Objective: Law powerfully influences health and can be a critical tool for promoting population well-being. Evaluation research is needed to measure the health effects of law and guide policy making and implementation. The purpose of this study was to assess trends in National Institutes of Health (NIH) funding for scientific public health law research (PHLR).
Methods: Using data from the UberResearch NIH grant repository, we collected and coded all grants with a focus on health law between FY'85 and FY'14 and then analyzed the grants by funding agency and topic areas.
Results: Between FY'85 and FY'14, NIH funded 510 research grants on health policy making, the health effects of laws or enforcement practices. On average, 4 PHLR grants were funded annually with a median total funding of $545 956 (range: $2535-$44 052 300) and a median annual funding of $205 223 (range: $2535-$7 019 517).
Conclusions: National Institutes of Health has supported important PHLR but not nearly to the extent necessary to ensure that public health laws affecting the population are evaluated in a rigorous and timely manner. In addition to greater funding evaluation research, NIH can increase its support for creating legal datasets, fund training in PHLR, and work with the National Library of Medicine to create Medical Subject Headings (MeSH) terms related to PHLR.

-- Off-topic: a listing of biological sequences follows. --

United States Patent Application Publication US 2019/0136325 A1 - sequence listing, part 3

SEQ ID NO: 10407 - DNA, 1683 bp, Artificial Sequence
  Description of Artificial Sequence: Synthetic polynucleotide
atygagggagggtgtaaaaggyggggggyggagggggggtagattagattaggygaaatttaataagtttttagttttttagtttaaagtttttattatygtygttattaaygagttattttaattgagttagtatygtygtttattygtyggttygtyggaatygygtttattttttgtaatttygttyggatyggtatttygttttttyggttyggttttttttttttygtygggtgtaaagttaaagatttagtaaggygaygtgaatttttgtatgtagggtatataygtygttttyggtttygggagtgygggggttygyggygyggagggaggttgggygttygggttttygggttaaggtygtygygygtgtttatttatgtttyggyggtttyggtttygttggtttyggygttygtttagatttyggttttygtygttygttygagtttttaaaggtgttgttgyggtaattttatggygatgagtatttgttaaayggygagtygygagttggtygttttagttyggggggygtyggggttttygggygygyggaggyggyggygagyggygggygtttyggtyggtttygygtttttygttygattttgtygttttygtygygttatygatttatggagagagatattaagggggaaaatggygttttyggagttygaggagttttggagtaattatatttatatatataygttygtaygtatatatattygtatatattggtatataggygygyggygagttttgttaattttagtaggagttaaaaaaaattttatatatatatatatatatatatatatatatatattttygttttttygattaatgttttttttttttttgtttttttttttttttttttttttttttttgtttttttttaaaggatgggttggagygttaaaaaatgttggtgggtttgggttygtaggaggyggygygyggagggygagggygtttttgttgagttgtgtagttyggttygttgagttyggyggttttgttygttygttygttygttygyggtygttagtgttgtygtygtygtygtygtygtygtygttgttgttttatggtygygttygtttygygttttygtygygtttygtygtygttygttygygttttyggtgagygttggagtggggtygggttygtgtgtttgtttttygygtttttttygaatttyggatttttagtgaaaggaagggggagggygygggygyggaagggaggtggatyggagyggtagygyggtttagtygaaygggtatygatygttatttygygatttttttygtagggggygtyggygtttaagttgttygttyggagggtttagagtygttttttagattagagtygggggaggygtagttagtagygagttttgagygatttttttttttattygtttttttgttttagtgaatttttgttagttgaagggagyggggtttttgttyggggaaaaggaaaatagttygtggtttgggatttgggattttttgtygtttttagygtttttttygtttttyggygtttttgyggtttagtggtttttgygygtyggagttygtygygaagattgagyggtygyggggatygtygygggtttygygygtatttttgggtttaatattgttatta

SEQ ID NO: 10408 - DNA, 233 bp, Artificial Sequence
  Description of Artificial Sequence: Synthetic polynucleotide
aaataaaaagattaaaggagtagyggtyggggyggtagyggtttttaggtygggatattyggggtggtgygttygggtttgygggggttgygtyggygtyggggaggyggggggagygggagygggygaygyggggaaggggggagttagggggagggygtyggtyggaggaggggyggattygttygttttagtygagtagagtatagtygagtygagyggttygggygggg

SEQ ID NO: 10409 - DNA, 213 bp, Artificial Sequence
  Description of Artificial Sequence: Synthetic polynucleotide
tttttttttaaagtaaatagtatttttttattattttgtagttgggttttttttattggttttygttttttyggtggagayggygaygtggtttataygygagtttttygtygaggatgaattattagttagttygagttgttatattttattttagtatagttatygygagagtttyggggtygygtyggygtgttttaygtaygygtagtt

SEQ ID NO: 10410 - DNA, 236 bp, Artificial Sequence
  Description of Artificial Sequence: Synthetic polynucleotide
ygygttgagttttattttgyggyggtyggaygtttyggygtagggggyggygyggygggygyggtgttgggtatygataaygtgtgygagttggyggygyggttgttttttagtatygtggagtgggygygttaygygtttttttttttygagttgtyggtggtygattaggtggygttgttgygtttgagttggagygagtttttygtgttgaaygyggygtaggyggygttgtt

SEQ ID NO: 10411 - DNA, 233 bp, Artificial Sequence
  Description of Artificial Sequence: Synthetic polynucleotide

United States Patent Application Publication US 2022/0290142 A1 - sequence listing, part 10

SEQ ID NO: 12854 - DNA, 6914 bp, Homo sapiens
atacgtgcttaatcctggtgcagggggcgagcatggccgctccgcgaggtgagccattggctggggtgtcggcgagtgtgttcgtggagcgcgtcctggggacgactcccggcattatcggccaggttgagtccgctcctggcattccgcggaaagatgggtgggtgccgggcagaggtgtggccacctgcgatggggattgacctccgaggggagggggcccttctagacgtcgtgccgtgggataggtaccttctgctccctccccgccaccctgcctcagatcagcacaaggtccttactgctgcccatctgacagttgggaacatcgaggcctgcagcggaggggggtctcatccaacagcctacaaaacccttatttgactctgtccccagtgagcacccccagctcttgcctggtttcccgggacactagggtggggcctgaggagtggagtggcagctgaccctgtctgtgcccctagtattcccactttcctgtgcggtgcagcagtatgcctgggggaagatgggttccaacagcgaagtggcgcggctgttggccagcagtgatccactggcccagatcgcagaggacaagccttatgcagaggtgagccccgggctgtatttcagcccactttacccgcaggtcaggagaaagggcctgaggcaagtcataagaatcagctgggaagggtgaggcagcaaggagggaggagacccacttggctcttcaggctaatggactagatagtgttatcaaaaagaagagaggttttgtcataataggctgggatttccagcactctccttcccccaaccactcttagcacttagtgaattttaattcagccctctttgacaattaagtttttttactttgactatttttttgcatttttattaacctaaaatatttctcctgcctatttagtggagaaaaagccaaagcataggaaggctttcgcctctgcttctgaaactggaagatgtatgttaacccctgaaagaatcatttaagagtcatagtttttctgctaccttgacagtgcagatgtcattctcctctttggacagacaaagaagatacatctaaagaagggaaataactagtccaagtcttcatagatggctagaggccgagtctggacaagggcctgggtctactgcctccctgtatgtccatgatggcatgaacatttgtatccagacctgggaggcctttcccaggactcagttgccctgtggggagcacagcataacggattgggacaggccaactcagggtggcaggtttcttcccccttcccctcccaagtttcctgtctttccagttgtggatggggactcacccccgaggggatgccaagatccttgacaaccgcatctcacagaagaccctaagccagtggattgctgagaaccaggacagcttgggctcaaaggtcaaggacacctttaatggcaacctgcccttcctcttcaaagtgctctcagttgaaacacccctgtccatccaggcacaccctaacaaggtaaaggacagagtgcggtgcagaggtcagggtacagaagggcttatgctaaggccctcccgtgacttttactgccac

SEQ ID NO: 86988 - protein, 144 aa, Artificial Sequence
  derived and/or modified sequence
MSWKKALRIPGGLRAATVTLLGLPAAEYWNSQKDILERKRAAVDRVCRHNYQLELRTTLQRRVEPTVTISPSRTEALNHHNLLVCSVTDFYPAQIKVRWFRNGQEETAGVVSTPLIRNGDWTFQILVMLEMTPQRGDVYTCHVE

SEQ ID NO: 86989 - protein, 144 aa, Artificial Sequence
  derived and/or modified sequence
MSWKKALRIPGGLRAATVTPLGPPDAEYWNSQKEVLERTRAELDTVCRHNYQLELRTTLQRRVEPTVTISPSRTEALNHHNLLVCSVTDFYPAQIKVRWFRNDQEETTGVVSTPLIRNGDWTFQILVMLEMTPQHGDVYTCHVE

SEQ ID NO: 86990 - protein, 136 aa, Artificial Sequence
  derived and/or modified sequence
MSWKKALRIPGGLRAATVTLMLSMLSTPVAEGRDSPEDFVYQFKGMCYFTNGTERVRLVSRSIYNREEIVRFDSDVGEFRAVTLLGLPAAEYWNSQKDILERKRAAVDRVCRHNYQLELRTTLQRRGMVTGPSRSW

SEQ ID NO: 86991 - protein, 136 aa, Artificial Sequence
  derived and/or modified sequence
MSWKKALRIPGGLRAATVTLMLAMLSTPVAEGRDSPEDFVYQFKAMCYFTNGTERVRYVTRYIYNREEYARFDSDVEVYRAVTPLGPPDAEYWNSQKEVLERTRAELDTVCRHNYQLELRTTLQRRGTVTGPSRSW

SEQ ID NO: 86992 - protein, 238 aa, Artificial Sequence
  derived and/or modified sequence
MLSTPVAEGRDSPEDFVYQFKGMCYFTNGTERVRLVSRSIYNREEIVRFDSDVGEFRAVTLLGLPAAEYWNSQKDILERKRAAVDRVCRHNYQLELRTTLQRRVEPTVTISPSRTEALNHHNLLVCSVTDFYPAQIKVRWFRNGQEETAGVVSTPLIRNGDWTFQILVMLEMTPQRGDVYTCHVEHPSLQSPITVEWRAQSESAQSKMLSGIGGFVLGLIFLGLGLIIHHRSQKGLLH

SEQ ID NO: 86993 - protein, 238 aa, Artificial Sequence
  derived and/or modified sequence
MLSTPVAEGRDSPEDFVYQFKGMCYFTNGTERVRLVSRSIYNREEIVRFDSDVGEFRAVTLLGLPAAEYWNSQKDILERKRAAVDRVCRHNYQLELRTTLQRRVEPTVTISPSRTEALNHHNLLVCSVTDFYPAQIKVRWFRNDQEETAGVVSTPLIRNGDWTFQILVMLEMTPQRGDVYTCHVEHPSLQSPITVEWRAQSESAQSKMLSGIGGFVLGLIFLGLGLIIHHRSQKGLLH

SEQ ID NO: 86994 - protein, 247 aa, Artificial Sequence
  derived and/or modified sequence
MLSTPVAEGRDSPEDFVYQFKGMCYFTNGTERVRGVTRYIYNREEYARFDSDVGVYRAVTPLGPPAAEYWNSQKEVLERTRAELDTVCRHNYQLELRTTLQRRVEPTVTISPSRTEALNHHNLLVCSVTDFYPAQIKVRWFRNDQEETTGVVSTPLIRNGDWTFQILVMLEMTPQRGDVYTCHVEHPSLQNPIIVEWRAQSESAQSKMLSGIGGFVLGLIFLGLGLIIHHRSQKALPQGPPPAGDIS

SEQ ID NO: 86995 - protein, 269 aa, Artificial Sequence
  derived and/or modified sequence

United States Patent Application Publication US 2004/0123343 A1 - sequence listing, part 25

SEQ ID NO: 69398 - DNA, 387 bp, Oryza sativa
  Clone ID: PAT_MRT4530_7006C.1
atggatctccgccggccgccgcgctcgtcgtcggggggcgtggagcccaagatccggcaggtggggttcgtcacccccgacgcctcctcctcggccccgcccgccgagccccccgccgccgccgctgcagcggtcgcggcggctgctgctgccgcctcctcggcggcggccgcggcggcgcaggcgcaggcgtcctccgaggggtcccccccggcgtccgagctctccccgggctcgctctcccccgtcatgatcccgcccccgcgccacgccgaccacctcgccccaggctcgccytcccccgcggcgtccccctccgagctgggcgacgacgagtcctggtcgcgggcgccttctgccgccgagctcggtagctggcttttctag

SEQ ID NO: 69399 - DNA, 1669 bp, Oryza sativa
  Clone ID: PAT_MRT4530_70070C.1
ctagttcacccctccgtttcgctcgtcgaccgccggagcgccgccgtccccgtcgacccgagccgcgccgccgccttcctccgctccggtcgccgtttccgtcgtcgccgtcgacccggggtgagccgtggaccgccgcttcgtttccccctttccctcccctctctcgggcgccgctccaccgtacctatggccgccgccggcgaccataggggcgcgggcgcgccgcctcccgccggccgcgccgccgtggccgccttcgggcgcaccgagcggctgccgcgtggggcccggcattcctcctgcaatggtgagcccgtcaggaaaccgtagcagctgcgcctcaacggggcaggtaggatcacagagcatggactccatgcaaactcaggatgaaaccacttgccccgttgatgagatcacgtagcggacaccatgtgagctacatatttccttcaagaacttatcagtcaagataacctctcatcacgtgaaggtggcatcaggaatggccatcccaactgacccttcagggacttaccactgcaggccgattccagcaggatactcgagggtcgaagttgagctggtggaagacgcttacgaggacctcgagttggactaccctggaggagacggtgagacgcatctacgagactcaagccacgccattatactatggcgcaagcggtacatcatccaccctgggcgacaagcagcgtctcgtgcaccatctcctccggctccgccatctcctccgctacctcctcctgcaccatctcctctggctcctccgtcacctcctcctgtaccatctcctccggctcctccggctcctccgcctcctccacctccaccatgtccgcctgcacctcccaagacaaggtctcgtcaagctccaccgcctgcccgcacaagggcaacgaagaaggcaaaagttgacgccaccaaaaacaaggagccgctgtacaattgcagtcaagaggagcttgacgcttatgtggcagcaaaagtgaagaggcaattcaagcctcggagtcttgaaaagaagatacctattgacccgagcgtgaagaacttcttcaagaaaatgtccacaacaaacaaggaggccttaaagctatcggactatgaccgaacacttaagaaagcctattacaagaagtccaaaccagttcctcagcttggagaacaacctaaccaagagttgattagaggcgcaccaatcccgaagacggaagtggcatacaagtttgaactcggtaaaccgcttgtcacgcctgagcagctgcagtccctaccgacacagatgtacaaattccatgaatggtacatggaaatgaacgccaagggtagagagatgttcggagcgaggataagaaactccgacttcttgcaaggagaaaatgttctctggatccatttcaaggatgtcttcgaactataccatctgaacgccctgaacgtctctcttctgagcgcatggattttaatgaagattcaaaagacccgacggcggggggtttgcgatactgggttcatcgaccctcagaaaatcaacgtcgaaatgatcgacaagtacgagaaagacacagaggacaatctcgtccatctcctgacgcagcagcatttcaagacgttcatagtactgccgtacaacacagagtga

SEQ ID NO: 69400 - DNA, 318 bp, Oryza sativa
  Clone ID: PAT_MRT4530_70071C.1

Center for Public Health Law Research, Temple University, Philadelphia, Pennsylvania (Drs Ibrahim and Grunwald, and Mr Burris); and UberResearch, Cambridge, Massachusetts (Mr Sorensen).
Correspondence: Scott Burris, JD, Center for Public Health Law Research, Temple University, 1719 N. Broad St, Philadelphia, PA 19122 (Scott.Burris@temple.edu).
The study was funded by the Public Health Law Research Program of the Robert Wood Johnson Foundation. The opinions expressed in the article are those of the authors, not the Foundation.
Scott Burris and Heidi Grunwald are founders of Legal Science, LLC, a company that provides software and legal services for policy surveillance, including the Prescription Drug Abuse Policy System.
The authors declare no conflicts of interest.